Big Ten considering name change

June 16, 2010

Big Ten officials will give serious consideration to changing the conference’s name now that the University of Nebraska has been added as a 12th member.

Sources within the Big Ten said a decision could come as early as this fall, but added that a verdict may not come until a year from now, when the Big Ten finalizes its “expansion study.”

There are two options Big Ten officials are studying, a source with knowledge of the discussions said. One is a name that reflects the number of members and the other is a name with no numerical reference that could remain stable even if the Big Ten decides to expand beyond 12 teams—which the source said is a distinct possibility.

“It’s something we’re going to have to figure out over the next few months,” Big Ten Commissioner Jim Delany said of the Big Ten’s moniker.

But Delany said a name change isn’t a certainty.

“When Penn State was added [in 1993], I presumed we’d have a different name,” he said. “I found out pretty quickly that Big Ten was a name that carried a lot of meaning to a lot of people.”

The conference, founded in 1895 as the Intercollegiate Conference of Faculty Representatives, also has been called the Big Nine at various times in its history depending on member fluctuations. It was first called the Big Ten in 1917 and has held that name steadily since 1949.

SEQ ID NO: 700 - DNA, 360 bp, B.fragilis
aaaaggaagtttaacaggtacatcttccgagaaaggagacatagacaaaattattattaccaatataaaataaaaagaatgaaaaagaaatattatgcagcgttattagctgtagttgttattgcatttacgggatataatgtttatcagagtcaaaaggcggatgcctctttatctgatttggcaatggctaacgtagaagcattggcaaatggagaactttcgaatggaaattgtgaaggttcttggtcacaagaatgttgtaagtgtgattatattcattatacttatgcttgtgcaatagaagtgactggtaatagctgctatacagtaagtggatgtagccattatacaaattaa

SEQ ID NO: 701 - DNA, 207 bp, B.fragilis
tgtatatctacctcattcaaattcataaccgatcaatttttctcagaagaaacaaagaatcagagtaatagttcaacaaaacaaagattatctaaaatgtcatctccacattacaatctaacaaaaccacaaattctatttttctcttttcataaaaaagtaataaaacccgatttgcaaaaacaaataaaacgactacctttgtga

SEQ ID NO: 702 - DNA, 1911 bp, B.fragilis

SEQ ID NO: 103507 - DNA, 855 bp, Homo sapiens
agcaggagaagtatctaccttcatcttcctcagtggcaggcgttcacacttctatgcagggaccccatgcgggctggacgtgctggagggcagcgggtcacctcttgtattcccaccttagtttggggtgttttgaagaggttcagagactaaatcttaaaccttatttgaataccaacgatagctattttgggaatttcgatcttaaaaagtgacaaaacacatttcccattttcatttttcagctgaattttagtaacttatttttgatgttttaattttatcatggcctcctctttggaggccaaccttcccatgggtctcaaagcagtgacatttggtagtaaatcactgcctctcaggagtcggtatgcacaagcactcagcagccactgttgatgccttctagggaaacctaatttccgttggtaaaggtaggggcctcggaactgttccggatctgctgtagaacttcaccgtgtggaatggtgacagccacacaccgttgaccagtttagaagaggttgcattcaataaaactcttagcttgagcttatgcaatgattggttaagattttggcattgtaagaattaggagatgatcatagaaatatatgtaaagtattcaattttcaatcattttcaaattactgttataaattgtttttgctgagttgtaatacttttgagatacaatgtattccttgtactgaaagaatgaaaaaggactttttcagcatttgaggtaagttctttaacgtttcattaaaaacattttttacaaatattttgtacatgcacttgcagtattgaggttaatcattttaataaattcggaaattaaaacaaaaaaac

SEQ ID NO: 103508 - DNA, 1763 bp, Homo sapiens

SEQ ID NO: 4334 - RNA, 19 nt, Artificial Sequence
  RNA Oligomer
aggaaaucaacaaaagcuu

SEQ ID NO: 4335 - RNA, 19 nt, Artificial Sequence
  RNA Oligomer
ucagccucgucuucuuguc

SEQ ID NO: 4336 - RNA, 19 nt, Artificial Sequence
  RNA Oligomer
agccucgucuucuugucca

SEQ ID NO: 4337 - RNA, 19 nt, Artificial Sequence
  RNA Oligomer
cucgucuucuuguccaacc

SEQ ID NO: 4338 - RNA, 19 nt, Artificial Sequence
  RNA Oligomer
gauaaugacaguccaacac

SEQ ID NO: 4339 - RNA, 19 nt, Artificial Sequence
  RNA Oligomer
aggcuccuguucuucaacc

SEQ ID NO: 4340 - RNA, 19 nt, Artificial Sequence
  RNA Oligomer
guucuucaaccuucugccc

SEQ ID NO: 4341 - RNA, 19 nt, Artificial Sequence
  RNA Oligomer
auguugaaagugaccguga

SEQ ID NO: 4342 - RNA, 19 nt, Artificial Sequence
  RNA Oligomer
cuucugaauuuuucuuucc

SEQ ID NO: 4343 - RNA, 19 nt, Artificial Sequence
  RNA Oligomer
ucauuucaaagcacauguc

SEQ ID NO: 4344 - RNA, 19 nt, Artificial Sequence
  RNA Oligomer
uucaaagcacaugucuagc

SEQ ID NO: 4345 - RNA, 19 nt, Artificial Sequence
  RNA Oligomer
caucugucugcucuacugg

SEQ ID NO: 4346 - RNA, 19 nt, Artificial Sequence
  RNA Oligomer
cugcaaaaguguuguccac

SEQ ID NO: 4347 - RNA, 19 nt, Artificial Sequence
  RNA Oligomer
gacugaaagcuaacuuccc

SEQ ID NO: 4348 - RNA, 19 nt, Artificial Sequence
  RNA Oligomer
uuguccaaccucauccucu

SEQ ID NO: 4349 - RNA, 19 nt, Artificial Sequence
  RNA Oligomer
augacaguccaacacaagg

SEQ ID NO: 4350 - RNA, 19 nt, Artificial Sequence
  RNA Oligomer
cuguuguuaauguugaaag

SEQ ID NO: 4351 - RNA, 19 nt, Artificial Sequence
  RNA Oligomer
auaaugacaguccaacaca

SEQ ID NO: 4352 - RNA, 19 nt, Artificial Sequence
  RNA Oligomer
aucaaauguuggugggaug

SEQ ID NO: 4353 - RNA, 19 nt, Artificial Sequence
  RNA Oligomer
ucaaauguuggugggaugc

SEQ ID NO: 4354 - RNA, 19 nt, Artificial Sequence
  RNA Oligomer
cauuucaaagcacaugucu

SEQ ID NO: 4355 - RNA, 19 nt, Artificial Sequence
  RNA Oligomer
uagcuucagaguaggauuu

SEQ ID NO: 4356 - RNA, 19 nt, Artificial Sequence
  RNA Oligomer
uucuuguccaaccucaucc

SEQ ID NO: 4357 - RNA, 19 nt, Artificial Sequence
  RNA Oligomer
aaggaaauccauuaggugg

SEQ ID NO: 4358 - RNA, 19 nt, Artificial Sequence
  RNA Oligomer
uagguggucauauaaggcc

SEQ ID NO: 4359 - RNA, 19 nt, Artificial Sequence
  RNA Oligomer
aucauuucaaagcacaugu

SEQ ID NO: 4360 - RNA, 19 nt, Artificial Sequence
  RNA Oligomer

One thing prompting a name change is confusion with the Big 12 Conference, which will have 10 teams when Nebraska departs for the Big Ten and the University of Colorado leaves for the Pac 10 in 2011.

“The Big Ten will have 12 members and the Big 12 will have 10 members,” said Jimmie Tramel, who covers the Big 12 for the Tulsa World. “It’s time for both leagues to pick a name that isn’t false advertising.”

There’s little doubt the Big Ten will have to change its logo, which has an 11 incorporated into the design.

But local sports marketer David Morton thinks there’s a big risk in the conference's changing its name.

“Once you re-brand, you have to re-position and establish that new identity in the marketplace. That’s a re-education and can be very time-consuming and expensive, said Morton, president of locally based Sunrise Sports Group.

“You have so much brand equity in that name, I’m not convinced changing the name is a good thing,” Morton added. “It’s a tribute to this conference’s roots and what it has stood for historically.”


Recent Articles by Anthony Schoettle

Comments powered by Disqus